Flower sepals, the protective bud scales, have shed from the bud, exposing tender new growth tissues of one or more flower buds.

First Flower

First flowers are fully open (stamens/pistils are visible) on at least three branches. When open, flowers on wind-pollinated trees and shrubs will release yellow dust-like pollen when touched.

Early Flowering

Only a few flowers have emerged (less than 5%) or pollen is just starting to disperse.

Middle Flowering

Half or more of the flowers are fully open or releasing pollen on three or more branches.

Late Flowering

Most flowers have wilted or fallen off (over 95%) or most pollen has fallen.

No Ripe Fruit

No ripe fruits or seeds visible.

First Ripe Fruit

First fruits become fully ripe or seeds drop naturally from the plant on three or more branches. Ripening is often indicated by a change to the mature color or by drying and splitting open.

Tulip poplar (Liriodendron tulipifera) Photo courtesy of Steve Baskauf, Vanderbilt University.
Tulip poplar
Liriodendron tulipifera
American beautyberry (Callicarpa americana) Photo courtesy of Will Cook, carolinanature.com.
American beautyberry
Callicarpa americana
American linden (Tilia americana) Photo courtesy of Paul Alaback.
American linden
Tilia americana
Beaked hazelnut (Corylus cornuta) Photo courtesy of Jorg and Mimi Fleige, Westernwildflower.com.
Beaked hazelnut
Corylus cornuta
Common lilac (Syringa vulgaris) Photo courtesy of Paul Alaback.
Common lilac
Syringa vulgaris
Chokecherry (Prunus virginiana) Photo courtesy of Virginia Tech Department of Forest Resources and Environmental Conservation.
Chokecherry
Prunus virginiana

Early Fruiting

Only a few ripe fruits or seeds are visible (less than 5%).

Middle Fruiting

Half or more branches have fully ripe fruit or the seeds are dropping naturally from the plant. If fruits are in clusters or stalks, then record when at least one fruit is ripe on at least half of the branches.

Black cherry (Prunus serotina) Photo courtesy of Virginia Tech Department of Forest Resources and Environmental Conservation.
Black cherry
Prunus serotina
Black locust (Robinia pseudoacacia) Photo courtesy of Paul Alaback.
Black locust
Robinia pseudoacacia
Southern arrowwood (Viburnum dentatum) Photo courtesy of Patuxent Research Refuge.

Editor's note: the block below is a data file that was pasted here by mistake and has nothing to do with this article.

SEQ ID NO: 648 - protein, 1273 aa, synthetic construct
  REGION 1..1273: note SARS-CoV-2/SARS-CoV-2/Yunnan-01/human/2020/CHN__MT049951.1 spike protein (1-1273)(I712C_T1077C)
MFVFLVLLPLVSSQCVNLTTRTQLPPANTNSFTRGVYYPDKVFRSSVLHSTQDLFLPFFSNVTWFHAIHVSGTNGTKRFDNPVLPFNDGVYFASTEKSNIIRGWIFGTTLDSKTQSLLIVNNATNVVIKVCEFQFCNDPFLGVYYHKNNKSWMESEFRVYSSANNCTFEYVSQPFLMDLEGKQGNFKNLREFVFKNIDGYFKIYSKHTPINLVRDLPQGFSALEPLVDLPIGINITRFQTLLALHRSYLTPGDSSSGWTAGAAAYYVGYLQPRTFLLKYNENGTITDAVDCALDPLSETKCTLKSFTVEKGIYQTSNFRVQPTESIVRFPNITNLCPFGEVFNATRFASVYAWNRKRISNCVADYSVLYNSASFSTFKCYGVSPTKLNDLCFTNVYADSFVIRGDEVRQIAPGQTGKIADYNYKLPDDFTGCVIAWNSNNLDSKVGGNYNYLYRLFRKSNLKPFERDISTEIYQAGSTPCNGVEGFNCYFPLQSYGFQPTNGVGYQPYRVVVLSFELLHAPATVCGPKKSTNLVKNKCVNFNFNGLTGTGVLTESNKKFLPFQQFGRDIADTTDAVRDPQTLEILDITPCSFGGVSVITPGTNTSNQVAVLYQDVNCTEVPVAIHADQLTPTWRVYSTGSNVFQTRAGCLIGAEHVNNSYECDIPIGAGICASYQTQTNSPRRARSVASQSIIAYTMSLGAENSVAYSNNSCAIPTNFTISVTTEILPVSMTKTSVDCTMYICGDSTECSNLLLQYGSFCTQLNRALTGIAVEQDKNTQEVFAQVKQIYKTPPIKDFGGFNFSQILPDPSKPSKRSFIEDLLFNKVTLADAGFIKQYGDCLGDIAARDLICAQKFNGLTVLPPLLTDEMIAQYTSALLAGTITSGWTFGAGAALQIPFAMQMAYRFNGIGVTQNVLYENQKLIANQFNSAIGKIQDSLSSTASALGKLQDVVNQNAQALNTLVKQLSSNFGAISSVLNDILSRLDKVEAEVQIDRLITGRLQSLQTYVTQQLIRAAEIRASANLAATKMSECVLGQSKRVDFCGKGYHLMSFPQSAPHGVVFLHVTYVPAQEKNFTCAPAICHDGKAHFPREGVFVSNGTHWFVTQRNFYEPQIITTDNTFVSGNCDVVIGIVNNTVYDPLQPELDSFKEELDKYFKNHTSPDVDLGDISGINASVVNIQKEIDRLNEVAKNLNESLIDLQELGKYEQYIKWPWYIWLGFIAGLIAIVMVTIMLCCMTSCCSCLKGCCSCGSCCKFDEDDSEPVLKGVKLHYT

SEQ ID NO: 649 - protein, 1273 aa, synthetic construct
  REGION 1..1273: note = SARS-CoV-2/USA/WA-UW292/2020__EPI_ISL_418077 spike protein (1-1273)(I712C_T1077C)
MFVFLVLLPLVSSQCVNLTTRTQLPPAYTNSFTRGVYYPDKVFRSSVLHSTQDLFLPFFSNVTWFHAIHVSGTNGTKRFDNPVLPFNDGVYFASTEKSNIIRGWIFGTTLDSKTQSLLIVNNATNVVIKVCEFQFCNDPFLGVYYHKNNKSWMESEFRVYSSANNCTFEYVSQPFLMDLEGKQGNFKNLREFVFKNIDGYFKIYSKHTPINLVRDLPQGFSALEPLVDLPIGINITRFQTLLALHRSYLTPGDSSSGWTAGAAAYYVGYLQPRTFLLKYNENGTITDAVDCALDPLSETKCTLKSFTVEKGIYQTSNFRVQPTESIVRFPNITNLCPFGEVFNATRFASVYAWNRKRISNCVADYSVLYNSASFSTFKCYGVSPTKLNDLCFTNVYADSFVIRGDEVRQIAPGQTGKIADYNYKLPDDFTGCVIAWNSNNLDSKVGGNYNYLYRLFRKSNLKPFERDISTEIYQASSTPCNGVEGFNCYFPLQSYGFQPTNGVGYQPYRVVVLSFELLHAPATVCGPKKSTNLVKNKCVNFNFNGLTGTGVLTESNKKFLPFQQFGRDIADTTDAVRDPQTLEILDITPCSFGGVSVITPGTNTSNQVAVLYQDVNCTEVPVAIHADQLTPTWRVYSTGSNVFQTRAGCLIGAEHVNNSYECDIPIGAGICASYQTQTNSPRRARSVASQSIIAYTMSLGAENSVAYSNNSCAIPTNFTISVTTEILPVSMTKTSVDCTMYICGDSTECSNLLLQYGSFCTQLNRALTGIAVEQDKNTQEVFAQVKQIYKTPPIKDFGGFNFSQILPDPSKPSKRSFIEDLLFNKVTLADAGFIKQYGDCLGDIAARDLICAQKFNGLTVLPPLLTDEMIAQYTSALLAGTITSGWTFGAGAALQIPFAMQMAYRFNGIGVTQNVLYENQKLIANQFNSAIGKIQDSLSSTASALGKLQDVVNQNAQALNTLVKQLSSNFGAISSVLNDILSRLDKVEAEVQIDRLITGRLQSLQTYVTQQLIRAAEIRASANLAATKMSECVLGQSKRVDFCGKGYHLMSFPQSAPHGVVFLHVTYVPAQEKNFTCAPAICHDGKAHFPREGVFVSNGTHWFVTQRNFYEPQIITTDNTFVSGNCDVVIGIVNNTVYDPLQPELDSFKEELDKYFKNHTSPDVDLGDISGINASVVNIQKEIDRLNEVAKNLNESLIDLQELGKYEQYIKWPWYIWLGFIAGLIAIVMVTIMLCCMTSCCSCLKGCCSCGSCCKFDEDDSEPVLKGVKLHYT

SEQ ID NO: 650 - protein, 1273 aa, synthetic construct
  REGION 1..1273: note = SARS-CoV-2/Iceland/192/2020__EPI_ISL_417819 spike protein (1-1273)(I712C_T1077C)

Southern arrowwood
Viburnum dentatum
Tag alder (Alnus serrulata) Photo courtesy of Will Cook, carolinanature.com.
Tag alder
Alnus serrulata
Western serviceberry (Amelanchier alnifolia) Photo courtesy of Joseph and Kathy Boland.
Western serviceberry
Amelanchier alnifolia

Late Fruiting

Most fruits or seeds have been dispersed from plant (over 95%).

No Leaves

No new leaves visible.

Leaf Bud Burst

Protective scale coating is shed from the bud, exposing tender new growth of one or more leaves.

First Leaf Unfolded

First leaves are completely unfolded from the bud on at least three branches. Leaves need to be opened completely (flat) and the leaf stem or base must be visible (you might need to bend the leaf backwards to see those).

Early Leaves Unfolding

Only a few leaves have unfolded from the buds (less than 5%).

Middle Leaves Unfolding

Half or more leaves have unfolded from the buds.

All Leaves Unfolded

All or most leaves are fully unfolded.

No Leaf Color Change

No leaves have changed color.

Early Leaf Color Change

Only a few leaves have changed color (less than 5%).

50 Percent Color

Half or more of the branches have leaves that have started to change color.

Beaked hazelnut (Corylus cornuta) Photo courtesy of Oregon State University Landscape Plants.
Beaked hazelnut
Corylus cornuta
Sweetgum (Liquidambar styraciflua) Photo courtesy of Aleksandar Radosavljevic, Chicago Botanic Garden.
Sweetgum
Liquidambar styraciflua
Northern red oak (Quercus rubra) Photo courtesy of Aleksandar Radosavljevic, Chicago Botanic Garden.
Northern red oak
Quercus rubra
Red osier-dogwood (Cornus sericea) Photo courtesy of Aleksandar Radosavljevic, Chicago Botanic Garden.
Red osier-dogwood
Cornus sericea
Eastern redbud (Cercis canadensis) Photo courtesy of Aleksandar Radosavljevic, Chicago Botanic Garden.
Eastern redbud
Cercis canadensis

All Leaves Changed Color

All or most leaves have changed color.

No Leaves Dropped

No leaves have dropped.

Early Leaf Drop

Only a few leaves have dropped (less than 5%).

50 Percent Leaf Drop

Half or more of the leaves have fallen off the tree or shrub.

Tulip poplar (Liriodendron tulipifera) Photo courtesy of Aleksandar Radosavljevic, Chicago Botanic Garden.
Tulip poplar
Liriodendron tulipifera
Plains cottonwood (Populus deltoides) Photo courtesy of Aleksandar Radosavljevic, Chicago Botanic Garden.
Plains cottonwood
Populus deltoides
Paper birch (Betula papyrifera) Photo courtesy of Paul Alaback.
Paper birch
Betula papyrifera
Common snowberry (Symphoricarpos albus) Photo courtesy of Aleksandar Radosavljevic, Chicago Botanic Garden.
Common snowberry
Symphoricarpos albus
Red-osier dogwood (Cornus sericea) Photo courtesy of Aleksandar Radosavljevic, Chicago Botanic Garden.
Red-osier dogwood